The album fifteen years in the making that sounds like a slick but robotic imitation of what it might have been long ago.
Rating: 4 / 10
Peter Murphy, 04 Dec 2008
Well, all comment is probably superfluous by now. Never has a new album review seemed so retrospective. If you care, you’ve probably heard the thing online. Even if you don’t, you’ve probably browsed the reviews out of pure curiosity. Either way you’ve got the jump on me, dear reader, for in the interests of a fair and unbiased verdict, I imposed a media blackout until clapping ears on the slow beast that is Chinese Democracy.
15 years in the making, with a budget and inbuilt mythology that makes Heaven’s Gate look like Once – could it be anything other than a glorious failure? Axl’s folly? And does anyone care?
Well, I’d be lying if I said there wasn’t at least a vestige of residual affection for G N’ R. Some of us can still remember Headbanger’s Ball circa 1987: Poison, Nelson, Bon Jovi, Cinderella, Ratt – by comparison, the Gunners were guttersnipes who inhabited the same glam-punk underworld as Hanoi Rocks and Johnny Thunders. But like any totalitarianist empire, they fell foul of their own expansion plan and within four short years became that which they sought to puke all over. The stage show began to resemble a Cher production, the hair got bigger, the payroll longer, the diva strops more frequent. Were the band surrounded by so many yes-men that no one dared point out they’d become Dynasty on drugs?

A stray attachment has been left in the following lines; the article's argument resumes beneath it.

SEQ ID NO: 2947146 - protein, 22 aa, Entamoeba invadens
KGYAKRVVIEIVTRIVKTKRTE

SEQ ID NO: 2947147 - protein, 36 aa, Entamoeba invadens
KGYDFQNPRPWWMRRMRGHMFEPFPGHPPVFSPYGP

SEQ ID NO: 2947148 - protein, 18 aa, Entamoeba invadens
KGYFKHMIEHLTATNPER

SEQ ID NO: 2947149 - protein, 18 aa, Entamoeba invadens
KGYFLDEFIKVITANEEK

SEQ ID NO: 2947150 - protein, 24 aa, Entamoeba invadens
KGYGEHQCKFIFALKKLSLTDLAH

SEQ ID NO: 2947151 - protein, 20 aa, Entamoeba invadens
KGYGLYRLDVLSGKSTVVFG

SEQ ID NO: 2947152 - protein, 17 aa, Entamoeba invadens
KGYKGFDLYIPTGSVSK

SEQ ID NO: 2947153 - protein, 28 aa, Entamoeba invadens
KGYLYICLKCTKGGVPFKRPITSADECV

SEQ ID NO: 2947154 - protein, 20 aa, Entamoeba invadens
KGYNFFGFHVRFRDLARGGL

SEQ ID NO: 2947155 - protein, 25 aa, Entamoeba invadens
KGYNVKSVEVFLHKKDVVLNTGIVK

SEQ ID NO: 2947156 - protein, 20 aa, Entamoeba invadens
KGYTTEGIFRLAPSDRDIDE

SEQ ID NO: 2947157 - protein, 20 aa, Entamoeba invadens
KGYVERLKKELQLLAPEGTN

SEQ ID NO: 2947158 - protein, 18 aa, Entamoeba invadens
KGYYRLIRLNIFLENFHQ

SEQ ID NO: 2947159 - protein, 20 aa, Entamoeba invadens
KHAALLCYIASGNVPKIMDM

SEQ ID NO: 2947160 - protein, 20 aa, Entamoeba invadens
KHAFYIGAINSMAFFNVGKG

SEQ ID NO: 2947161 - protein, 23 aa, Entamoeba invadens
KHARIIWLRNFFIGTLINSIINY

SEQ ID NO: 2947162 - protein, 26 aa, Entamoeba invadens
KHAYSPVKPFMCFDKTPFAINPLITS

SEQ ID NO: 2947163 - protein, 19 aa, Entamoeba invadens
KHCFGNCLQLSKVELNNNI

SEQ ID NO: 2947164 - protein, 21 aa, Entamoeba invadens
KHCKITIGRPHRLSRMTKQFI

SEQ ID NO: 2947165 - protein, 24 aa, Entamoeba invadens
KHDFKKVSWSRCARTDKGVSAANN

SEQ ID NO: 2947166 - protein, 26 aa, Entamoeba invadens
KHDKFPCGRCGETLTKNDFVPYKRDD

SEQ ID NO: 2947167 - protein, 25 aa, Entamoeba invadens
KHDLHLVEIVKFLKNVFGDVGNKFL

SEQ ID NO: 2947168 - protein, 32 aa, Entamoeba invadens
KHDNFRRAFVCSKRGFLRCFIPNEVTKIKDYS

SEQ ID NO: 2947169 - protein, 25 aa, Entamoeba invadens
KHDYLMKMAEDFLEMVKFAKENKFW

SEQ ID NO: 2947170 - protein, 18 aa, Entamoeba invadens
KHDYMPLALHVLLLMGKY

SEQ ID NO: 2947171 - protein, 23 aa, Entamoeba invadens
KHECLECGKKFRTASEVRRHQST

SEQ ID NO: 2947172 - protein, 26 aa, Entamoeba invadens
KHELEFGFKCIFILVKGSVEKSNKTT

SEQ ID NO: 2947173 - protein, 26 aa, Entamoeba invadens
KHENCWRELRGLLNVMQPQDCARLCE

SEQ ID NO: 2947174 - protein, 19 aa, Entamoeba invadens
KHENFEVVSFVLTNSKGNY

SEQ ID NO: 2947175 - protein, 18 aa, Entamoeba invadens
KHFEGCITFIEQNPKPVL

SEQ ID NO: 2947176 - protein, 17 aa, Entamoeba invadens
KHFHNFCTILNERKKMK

Never mind. These are old jibes. It’s not news that G N’ R aren’t exactly musically relevant these days. On the other hand, how many albums are released to cries of foul from the Chinese Communist party, decrying Axl as a force for western wickedness utilising democracy as a pawn?
One thing’s for sure, G N’ R circa 2008 is no democracy. The original line-up might have resembled a parody of every sleaze-rock archetype going, but you need character to be caricatured, and Izzy, Slash, Duff and Steven had cartoon charisma. Ex-Replacement Tommy Stinson excepted, I’d be hard pressed to mention another member in the current ensemble. The cast of players assembled here are competent pros doing slick but robotic imitations of their predecessors. If anything, they sound for all the world like Velvet Revolver, with a caterwauling Rose replacing Scott Weiland.
Even the most hard hitting songs (‘Better’, the epic ruin of ‘There Was A Time’) sound cluttered and overegged: rudimentary tunes tarted up with overdubs and treatments that could’ve been hoovered up from the cutting room floor of the late 90s industrial/goth boom, or the odd blast of funk-metal dosed with designer world music flavours (‘If The World’).
No performance is left unprocessed. Rose obviously spent as many of those lost years poring over the footnotes of Modern Recording Monthly as he did writing songs (the lyrics rarely rise above the level of incoherent paranoiac ravings). Only three tunes – the rather lovely ‘Catcher In The Rye’, the broody, bluesy ‘Sorry’ and the Jim Steinman-meets-Queen big ballad ‘Street Of Dreams’ – come close to moments of clarity.
Chinese Democracy is a bewildering mess of multi-tracked vocals, scruffy metal riffage and grandiloquent synth ‘n’ string backdrops. The feeling is like meeting the great wild love of your youth at a hoi-polloi party 15 years later and realising – with some relief – that the voodoo’s worn off.
Key track: ‘Street Of Dreams’